According to a new study published in Journal of Thrombosis and Haemostasis, regular participation in sports reduces the risk of developing blood clots by 39 percent in women and 22 percent in men.

Researchers from Leiden University Medical Center in the Netherlands evaluated 7,860 people aged 18-70. Patients who had suffered their first blood clot in a leg vein or lung artery were compared with control subjects who had never experienced blood clots. 31 percent of the patients and 40 percent of the control group participated in sports on a regular basis.

Overall figures for both sexes showed that participating in sports at least once per week, regardless of the type of sport or its intensity, reduced the risk of developing a blood clot in a lung artery by 46 percent and a blood clot in a leg vein by 24 percent. "Women were shown to be even more likely to reap the benefits of regular sporting activities than men," says F.R. Rosendaal, co-author of the study. "When we excluded women who were pregnant or receiving oral contraceptive or hormone replacement therapy - all possible causes of blood clots - the risk for women was reduced by 55 percent."

The authors note that, while strenuous activity is known to increase the risk of blood clot development in the elderly, regular exercise is also shown to greatly benefit the heart, and that the net effect of elderly sports participation may be positive.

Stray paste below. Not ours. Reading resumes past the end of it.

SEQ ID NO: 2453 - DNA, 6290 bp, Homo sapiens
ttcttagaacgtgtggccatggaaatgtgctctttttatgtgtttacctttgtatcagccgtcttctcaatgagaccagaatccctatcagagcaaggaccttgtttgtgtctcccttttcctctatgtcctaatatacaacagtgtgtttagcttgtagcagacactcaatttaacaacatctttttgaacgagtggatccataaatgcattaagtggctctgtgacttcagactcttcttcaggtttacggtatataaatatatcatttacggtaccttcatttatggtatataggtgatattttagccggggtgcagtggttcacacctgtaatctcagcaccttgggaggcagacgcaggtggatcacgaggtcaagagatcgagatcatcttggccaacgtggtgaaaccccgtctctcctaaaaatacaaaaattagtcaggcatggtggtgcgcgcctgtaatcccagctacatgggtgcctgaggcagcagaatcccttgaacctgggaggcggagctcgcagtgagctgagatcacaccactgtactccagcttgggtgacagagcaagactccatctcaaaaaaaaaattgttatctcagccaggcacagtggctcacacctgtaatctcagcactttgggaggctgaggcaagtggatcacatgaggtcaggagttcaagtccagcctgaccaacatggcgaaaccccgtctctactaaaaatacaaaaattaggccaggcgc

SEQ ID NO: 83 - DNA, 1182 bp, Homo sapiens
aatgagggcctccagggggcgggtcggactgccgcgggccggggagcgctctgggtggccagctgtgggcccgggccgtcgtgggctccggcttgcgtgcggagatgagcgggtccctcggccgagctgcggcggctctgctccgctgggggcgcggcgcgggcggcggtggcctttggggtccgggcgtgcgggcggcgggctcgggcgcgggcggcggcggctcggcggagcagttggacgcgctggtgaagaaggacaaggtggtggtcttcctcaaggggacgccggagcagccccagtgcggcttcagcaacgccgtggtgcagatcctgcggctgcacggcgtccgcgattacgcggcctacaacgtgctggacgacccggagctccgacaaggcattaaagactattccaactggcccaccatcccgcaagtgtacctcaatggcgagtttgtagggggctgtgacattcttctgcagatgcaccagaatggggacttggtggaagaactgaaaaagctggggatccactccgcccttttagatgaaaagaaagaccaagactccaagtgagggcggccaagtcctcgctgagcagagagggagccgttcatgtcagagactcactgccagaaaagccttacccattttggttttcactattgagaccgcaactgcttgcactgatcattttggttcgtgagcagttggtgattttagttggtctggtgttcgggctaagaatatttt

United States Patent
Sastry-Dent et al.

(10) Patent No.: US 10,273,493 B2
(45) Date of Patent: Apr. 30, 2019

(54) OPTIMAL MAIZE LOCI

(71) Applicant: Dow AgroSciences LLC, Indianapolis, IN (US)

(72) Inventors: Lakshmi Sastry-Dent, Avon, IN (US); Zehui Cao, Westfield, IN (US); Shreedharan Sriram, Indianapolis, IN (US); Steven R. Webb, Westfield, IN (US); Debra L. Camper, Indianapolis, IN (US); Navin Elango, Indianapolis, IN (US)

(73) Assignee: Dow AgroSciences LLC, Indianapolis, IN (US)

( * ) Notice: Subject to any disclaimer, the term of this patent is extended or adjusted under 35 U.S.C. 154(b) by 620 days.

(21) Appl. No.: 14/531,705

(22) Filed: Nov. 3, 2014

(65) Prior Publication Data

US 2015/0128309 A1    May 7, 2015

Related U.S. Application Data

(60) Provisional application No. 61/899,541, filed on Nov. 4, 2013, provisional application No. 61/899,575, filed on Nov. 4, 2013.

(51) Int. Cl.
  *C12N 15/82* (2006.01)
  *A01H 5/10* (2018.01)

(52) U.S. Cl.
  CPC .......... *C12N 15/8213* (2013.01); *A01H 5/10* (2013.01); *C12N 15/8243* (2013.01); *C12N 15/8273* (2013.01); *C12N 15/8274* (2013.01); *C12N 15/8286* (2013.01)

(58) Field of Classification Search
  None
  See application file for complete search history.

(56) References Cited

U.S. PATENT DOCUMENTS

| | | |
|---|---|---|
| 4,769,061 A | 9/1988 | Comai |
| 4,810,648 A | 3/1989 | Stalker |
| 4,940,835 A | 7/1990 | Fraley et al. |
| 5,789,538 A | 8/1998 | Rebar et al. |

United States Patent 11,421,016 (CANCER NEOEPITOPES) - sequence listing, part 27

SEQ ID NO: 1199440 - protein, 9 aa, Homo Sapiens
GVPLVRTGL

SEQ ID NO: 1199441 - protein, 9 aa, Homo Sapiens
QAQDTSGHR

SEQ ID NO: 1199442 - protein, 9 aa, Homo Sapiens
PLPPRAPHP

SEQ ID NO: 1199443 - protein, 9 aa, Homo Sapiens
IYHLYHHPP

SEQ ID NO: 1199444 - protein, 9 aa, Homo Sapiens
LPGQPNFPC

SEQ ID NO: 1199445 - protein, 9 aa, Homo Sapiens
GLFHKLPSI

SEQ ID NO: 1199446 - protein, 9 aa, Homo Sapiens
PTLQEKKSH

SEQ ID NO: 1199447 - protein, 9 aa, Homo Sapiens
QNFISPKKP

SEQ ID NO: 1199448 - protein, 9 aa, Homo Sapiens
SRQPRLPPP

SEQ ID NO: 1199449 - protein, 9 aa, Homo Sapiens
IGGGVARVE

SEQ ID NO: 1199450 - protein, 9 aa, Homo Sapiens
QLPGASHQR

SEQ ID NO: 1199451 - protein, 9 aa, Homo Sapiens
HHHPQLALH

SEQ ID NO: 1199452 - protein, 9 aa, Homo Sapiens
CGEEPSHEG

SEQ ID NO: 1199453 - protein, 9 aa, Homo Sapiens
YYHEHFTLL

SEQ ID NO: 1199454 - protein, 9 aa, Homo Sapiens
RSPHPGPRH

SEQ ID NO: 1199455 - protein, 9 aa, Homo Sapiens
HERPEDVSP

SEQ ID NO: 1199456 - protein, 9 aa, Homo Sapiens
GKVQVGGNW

The findings also show that people who did not participate in sports were more than four-times as likely to develop a blood clot if they were obese (with a body mass index of 30 or greater) than lean (with a body mass index of less than 25). "When we looked at the results, we found that, overall, the mere fact that people took part in a sporting activity at least once a week was enough to lower their risk of blood clots," say the authors.

Article adapted by Medical News Today from original press release.

ST-Elevation Myocardial Infarction: The First 24 Hours

ST-Elevation Myocardial Infarction: The First 24 Hours

Heart Disease Deaths Among Younger Women Might Be on the Rise

Heart Disease Deaths Among Younger Women Might Be on the Rise